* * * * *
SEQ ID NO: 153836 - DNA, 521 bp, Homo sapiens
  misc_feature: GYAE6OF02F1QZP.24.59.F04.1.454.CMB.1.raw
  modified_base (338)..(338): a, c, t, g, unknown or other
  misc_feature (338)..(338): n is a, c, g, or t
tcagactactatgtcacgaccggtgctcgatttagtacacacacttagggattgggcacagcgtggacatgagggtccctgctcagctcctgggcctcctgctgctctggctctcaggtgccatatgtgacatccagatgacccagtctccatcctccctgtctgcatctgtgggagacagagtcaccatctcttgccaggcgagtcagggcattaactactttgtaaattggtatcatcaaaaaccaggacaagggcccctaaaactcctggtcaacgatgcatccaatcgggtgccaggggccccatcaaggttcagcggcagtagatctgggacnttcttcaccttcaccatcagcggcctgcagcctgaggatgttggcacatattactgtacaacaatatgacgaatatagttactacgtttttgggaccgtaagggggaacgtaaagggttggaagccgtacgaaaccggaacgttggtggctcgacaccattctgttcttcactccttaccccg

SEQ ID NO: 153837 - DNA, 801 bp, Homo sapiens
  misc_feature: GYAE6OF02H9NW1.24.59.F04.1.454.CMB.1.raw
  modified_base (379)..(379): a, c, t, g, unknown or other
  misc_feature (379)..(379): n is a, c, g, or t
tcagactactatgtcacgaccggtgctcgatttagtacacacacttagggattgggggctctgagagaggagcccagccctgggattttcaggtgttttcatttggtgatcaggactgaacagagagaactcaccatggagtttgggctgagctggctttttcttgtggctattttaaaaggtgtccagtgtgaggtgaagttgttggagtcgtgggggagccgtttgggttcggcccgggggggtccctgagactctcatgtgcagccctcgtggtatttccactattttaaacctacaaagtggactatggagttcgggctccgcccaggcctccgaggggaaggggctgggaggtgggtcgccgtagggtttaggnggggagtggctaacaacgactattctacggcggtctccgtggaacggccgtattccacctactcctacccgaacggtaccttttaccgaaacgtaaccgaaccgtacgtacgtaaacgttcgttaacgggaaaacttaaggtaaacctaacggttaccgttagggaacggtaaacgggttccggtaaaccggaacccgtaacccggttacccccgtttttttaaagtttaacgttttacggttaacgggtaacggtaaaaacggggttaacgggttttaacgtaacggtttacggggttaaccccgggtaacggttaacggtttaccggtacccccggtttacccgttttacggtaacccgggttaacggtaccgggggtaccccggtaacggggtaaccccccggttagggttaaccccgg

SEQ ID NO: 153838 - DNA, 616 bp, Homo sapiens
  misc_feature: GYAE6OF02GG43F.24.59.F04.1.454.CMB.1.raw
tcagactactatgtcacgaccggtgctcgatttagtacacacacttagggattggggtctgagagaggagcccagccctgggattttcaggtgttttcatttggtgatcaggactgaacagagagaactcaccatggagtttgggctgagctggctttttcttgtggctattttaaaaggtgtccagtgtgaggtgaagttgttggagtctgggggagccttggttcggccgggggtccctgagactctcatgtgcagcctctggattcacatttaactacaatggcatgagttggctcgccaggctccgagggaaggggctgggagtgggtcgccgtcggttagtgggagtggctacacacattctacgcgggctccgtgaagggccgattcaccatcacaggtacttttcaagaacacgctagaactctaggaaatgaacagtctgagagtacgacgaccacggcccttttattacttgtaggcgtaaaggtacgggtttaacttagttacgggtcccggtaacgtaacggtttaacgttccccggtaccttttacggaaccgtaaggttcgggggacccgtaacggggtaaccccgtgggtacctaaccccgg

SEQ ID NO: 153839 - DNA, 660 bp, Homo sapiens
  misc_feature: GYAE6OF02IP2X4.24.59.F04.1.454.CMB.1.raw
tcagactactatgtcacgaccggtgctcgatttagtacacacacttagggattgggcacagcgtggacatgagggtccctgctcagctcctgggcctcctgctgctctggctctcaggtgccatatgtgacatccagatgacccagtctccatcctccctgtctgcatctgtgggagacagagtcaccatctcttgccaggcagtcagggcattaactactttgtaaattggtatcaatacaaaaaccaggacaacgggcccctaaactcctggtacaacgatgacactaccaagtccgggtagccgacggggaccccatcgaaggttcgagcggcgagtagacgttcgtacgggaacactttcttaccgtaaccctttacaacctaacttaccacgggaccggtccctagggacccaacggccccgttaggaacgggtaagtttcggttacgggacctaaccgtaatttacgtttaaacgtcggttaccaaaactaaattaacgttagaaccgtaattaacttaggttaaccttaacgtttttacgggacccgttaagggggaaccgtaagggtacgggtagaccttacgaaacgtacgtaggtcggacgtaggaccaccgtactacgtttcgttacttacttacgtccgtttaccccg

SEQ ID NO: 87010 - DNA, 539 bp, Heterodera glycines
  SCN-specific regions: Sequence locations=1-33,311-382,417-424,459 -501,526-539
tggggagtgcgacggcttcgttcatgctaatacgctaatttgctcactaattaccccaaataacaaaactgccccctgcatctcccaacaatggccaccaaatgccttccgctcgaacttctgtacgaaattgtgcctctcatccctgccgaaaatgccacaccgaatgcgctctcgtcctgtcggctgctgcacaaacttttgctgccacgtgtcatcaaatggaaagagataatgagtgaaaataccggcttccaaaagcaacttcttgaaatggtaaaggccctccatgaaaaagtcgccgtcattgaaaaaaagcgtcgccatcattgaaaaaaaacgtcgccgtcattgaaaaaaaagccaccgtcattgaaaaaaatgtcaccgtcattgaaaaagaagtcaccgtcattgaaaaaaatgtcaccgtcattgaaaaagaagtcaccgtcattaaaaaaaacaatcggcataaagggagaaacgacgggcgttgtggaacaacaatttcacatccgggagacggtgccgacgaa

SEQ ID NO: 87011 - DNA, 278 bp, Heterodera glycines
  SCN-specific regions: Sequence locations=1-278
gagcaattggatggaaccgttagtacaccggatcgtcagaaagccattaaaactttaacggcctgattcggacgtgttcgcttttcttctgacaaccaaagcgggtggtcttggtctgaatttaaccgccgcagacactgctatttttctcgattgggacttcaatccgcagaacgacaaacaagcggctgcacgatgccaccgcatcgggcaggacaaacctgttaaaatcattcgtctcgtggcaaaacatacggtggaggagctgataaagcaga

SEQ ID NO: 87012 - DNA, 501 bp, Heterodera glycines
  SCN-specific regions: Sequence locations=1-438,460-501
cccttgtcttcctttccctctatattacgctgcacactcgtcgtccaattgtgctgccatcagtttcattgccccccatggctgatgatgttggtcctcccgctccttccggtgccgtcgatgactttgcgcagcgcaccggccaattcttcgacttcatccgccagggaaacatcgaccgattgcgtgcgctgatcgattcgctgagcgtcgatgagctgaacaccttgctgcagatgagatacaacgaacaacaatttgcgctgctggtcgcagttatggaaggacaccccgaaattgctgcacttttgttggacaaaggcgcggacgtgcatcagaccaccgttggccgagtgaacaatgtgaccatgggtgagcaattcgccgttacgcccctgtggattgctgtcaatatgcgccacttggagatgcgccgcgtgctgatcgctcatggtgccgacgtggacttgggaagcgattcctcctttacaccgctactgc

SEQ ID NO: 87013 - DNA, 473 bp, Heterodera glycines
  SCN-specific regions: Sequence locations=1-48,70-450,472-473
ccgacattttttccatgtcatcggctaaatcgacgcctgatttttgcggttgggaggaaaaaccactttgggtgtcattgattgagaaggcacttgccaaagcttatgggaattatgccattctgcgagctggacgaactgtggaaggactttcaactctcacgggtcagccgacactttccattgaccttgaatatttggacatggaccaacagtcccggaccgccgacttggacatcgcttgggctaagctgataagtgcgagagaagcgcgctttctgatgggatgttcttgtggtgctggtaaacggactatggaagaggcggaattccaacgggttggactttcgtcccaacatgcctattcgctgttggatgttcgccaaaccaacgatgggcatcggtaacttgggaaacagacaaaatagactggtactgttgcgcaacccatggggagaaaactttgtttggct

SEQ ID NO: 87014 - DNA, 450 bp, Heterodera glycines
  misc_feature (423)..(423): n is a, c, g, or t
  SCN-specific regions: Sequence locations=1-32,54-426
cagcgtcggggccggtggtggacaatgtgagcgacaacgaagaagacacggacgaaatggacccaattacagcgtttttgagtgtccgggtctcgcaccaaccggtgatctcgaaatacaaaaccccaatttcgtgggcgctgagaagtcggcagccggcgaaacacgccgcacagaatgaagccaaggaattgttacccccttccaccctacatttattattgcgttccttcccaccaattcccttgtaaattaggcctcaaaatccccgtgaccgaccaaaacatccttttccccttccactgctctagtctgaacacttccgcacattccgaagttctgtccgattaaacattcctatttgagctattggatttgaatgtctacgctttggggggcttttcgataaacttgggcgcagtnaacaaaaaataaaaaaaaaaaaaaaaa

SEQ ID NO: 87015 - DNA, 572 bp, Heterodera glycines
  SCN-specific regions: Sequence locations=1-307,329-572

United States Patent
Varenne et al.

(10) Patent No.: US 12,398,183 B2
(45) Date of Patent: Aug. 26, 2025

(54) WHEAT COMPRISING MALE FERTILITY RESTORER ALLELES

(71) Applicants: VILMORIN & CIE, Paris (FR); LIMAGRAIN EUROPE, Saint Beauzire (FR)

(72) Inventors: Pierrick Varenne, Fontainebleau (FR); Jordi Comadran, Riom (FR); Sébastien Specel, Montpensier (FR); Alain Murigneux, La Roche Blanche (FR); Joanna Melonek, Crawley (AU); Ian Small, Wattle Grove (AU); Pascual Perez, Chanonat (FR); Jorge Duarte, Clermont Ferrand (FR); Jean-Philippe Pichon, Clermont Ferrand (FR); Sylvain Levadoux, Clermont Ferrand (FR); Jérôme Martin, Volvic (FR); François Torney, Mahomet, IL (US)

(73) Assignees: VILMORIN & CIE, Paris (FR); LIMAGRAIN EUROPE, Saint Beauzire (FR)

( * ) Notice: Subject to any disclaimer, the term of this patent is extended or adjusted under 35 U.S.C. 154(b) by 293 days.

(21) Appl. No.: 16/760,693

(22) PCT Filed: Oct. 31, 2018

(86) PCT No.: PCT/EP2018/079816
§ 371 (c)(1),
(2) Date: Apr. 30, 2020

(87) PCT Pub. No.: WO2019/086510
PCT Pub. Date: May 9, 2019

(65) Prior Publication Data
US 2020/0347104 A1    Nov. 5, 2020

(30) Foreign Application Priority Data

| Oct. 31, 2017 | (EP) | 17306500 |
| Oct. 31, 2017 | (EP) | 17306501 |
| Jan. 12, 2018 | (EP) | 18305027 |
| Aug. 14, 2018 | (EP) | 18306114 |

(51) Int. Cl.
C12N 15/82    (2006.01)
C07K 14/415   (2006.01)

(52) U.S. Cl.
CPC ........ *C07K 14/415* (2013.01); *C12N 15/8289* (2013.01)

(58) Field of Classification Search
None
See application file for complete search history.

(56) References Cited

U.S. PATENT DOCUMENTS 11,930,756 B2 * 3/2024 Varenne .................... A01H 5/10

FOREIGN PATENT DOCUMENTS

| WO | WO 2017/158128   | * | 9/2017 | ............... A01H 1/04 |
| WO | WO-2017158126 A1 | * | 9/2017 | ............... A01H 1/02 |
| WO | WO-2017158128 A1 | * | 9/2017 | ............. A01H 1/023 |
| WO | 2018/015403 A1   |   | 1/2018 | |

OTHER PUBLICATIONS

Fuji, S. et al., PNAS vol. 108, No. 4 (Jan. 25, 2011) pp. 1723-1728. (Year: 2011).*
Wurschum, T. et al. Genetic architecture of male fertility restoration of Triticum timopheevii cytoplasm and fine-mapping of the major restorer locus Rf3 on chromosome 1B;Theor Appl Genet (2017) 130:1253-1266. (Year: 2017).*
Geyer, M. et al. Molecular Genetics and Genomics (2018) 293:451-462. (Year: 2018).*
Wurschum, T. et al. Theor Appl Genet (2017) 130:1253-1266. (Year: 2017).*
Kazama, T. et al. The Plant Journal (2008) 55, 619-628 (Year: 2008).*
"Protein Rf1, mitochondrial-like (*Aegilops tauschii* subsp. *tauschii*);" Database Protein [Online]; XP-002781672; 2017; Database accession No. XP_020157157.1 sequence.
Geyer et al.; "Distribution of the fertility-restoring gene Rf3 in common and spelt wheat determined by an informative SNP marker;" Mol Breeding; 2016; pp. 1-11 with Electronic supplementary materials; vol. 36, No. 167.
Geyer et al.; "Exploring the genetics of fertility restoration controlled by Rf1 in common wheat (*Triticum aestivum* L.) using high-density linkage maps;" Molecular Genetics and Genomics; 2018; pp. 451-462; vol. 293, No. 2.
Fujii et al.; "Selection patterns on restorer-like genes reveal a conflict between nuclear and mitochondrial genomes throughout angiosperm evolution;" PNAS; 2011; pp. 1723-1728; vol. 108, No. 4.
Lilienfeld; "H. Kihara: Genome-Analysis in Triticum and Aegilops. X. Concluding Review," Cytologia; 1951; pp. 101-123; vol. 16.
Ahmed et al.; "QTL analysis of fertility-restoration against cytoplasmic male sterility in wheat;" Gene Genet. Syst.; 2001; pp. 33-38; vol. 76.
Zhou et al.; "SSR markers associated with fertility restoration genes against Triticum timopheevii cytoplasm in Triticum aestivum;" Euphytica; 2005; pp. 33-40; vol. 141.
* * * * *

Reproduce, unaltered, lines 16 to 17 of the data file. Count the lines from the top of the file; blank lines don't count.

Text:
tcagactactatgtcacgaccggtgctcgatttagtacacacacttagggattgggcacagcgtggacatgagggtccctgctcagctcctgggcctcctgctgctctggctctcaggtgccatatgtgacatccagatgacccagtctccatcctccctgtctgcatctgtgggagacagagtcaccatctcttgccaggcagtcagggcattaactactttgtaaattggtatcaatacaaaaaccaggacaacgggcccctaaactcctggtacaacgatgacactaccaagtccgggtagccgacggggaccccatcgaaggttcgagcggcgagtagacgttcgtacgggaacactttcttaccgtaaccctttacaacctaacttaccacgggaccggtccctagggacccaacggccccgttaggaacgggtaagtttcggttacgggacctaaccgtaatttacgtttaaacgtcggttaccaaaactaaattaacgttagaaccgtaattaacttaggttaaccttaacgtttttacgggacccgttaagggggaaccgtaagggtacgggtagaccttacgaaacgtacgtaggtcggacgtaggaccaccgtactacgtttcgttacttacttacgtccgtttaccccg

SEQ ID NO: 87010 - DNA, 539 bp, Heterodera glycines